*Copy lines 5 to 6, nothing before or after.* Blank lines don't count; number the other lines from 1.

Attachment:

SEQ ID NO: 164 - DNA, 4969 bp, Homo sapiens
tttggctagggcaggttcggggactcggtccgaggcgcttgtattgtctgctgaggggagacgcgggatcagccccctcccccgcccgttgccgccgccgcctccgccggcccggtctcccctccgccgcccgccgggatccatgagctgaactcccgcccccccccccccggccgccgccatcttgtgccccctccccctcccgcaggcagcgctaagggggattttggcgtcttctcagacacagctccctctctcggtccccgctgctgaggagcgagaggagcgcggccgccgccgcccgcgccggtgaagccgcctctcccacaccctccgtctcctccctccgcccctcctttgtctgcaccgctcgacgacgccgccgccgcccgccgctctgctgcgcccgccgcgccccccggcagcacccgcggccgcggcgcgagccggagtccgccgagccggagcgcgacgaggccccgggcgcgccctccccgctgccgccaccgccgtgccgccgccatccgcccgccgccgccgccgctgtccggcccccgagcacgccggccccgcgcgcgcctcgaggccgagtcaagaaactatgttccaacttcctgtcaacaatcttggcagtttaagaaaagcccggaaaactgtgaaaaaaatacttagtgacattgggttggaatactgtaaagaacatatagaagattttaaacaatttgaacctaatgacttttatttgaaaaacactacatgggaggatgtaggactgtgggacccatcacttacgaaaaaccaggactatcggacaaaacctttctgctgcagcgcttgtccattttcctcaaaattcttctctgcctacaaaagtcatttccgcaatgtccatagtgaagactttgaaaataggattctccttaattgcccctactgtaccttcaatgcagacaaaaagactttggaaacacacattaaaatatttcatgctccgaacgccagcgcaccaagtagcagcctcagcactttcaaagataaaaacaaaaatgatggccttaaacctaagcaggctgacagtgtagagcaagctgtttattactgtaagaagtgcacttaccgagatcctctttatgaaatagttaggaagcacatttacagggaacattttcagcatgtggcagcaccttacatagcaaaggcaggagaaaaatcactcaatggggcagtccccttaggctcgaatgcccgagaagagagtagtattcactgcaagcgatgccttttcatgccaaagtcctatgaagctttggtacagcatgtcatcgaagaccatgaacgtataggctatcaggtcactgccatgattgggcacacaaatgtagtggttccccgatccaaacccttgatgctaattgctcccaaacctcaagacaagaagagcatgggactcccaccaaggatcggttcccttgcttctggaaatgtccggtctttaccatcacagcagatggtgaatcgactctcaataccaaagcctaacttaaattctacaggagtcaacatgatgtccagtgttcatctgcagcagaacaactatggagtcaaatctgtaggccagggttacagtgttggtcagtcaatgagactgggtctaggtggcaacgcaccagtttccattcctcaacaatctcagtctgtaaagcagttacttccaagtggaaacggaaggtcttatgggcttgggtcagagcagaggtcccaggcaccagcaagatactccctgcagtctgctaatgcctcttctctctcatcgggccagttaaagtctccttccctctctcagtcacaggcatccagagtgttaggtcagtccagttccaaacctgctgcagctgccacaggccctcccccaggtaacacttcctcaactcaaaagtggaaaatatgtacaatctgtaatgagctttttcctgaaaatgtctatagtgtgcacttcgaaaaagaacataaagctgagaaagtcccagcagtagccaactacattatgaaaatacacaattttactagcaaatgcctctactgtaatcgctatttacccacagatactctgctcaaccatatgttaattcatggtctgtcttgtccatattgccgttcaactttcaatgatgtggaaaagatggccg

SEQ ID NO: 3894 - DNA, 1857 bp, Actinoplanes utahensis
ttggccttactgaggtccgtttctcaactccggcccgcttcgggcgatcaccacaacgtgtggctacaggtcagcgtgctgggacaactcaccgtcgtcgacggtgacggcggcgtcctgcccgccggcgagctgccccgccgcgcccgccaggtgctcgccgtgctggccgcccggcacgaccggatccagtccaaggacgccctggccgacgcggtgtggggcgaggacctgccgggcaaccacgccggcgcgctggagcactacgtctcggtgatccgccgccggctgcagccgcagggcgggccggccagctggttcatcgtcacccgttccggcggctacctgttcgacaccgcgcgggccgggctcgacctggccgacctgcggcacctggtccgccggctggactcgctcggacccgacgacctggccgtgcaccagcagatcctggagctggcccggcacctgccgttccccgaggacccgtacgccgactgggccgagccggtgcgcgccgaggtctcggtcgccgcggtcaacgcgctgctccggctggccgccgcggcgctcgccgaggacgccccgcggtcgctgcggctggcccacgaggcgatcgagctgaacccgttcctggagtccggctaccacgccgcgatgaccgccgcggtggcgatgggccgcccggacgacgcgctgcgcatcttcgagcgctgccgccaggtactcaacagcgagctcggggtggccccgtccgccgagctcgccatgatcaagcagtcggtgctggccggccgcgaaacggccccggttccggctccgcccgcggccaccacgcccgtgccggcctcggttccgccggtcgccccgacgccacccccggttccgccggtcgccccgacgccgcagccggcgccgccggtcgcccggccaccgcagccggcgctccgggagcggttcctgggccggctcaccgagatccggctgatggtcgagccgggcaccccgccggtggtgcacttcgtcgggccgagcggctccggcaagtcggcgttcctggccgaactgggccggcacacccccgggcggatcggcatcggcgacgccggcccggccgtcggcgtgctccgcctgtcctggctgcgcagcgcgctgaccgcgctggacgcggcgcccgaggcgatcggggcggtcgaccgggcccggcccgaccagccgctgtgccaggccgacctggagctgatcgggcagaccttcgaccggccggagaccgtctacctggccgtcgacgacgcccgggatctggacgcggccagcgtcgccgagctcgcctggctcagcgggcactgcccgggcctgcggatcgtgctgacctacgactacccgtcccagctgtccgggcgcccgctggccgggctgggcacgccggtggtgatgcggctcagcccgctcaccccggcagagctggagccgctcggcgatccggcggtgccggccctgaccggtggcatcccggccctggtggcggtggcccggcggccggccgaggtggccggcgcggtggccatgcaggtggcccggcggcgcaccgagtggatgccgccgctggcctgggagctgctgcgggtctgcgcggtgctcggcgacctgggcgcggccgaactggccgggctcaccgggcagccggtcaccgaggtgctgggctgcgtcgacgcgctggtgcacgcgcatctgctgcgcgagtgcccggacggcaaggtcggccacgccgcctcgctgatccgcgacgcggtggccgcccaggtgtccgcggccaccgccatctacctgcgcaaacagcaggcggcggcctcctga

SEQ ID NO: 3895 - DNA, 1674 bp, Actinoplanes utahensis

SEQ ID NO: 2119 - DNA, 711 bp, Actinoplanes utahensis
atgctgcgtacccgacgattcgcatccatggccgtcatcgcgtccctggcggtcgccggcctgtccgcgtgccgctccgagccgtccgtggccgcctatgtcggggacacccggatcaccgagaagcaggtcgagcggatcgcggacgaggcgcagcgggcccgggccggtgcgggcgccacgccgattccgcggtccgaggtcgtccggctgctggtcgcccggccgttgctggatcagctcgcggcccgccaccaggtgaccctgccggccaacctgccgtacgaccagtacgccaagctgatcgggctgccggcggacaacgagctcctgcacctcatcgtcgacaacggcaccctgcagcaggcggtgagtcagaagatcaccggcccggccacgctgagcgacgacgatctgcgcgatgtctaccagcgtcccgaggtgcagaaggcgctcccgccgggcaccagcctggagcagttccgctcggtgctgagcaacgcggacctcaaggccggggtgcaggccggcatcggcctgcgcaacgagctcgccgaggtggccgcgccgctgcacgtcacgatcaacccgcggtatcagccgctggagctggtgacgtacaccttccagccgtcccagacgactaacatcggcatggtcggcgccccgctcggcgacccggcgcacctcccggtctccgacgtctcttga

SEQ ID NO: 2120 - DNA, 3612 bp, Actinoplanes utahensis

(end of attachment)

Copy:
SEQ ID NO: 3895 - DNA, 1674 bp, Actinoplanes utahensis

SEQ ID NO: 2119 - DNA, 711 bp, Actinoplanes utahensis